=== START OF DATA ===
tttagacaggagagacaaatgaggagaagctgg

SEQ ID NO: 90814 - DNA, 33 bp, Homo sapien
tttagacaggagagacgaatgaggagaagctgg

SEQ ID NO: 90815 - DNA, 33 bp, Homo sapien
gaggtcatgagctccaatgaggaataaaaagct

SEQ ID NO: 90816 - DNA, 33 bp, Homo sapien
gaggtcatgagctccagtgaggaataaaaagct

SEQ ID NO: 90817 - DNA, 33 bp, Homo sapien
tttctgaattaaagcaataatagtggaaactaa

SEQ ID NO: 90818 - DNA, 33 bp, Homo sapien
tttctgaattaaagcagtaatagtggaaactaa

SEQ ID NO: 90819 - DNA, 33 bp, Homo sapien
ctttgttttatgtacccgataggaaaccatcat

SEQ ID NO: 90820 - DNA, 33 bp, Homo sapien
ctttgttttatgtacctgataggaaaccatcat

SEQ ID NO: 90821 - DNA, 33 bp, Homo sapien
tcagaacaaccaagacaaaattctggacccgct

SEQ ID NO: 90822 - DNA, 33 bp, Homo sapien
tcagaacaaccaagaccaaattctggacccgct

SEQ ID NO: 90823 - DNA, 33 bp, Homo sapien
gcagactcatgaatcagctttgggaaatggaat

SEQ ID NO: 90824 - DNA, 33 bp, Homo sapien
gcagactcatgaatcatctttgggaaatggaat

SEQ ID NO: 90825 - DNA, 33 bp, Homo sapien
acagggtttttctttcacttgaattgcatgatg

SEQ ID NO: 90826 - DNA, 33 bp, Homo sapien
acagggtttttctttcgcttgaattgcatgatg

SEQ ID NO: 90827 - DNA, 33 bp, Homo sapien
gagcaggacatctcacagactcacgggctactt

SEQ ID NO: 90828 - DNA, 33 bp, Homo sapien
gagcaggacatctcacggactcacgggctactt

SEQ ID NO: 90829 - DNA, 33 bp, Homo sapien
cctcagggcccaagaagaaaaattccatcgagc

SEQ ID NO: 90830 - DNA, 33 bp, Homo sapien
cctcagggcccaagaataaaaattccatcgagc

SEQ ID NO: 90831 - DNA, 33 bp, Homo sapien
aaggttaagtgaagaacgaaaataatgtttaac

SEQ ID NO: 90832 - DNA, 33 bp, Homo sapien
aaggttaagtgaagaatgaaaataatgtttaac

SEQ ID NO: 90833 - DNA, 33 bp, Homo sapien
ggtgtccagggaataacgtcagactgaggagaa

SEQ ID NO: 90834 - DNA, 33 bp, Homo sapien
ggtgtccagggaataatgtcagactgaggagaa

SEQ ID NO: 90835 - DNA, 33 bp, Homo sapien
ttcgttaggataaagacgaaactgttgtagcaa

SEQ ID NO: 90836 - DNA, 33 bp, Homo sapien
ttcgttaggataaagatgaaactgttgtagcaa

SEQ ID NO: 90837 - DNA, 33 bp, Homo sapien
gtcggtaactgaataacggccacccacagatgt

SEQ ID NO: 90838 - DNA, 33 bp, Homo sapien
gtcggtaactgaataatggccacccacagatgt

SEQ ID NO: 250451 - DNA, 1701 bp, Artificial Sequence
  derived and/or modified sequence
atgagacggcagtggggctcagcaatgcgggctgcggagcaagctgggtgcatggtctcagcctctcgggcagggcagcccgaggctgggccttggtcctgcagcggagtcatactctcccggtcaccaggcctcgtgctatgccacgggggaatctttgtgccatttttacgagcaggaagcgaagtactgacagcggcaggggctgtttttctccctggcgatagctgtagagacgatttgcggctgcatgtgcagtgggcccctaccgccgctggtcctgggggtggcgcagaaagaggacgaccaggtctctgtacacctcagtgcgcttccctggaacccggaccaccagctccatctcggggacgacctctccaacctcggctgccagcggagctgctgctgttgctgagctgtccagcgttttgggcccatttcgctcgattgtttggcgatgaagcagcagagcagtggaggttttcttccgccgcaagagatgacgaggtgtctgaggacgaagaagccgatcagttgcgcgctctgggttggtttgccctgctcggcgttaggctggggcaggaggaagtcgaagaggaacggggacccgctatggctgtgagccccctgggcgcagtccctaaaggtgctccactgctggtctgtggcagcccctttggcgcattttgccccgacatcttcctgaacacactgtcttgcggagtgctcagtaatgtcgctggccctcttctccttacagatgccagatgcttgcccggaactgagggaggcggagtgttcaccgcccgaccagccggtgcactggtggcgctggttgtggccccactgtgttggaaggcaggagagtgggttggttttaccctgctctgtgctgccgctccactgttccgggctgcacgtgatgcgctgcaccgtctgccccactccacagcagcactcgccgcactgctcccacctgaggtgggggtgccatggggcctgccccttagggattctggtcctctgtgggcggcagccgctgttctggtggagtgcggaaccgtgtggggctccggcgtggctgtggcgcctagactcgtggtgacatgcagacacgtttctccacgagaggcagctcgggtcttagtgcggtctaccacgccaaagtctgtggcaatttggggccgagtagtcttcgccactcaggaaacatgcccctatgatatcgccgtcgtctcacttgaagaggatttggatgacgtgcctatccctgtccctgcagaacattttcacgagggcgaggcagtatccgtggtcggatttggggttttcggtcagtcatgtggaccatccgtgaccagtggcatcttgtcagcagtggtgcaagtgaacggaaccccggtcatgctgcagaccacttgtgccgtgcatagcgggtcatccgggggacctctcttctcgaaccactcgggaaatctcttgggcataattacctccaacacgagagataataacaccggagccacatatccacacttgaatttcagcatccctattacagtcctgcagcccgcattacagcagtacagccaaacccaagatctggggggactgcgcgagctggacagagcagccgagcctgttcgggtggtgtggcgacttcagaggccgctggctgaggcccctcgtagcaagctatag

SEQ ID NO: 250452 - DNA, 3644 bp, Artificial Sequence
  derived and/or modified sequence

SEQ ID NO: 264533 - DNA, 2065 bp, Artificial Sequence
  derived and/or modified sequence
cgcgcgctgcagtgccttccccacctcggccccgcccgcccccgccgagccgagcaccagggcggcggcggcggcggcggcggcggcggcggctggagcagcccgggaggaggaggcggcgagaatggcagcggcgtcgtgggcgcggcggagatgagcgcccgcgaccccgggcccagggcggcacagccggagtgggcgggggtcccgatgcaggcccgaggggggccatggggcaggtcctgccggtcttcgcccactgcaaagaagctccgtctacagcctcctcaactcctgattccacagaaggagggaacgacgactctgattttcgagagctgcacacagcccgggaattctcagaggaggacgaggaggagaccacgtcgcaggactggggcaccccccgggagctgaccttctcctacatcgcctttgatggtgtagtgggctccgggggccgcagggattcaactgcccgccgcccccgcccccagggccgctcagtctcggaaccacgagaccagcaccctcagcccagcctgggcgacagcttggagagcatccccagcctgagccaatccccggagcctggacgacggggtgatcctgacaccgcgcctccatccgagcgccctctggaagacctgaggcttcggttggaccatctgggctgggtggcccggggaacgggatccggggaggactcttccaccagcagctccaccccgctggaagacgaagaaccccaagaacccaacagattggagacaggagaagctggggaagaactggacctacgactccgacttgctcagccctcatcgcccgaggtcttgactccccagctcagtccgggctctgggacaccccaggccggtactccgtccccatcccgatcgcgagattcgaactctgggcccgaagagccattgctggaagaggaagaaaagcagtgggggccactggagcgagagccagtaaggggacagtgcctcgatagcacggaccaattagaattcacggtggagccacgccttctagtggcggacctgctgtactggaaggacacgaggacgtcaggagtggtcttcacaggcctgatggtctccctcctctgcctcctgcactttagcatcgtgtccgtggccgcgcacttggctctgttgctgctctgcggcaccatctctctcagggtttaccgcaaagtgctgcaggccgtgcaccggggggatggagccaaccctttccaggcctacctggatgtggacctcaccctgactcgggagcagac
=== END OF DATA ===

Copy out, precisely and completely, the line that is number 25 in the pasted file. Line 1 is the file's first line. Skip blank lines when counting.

acagggtttttctttcacttgaattgcatgatg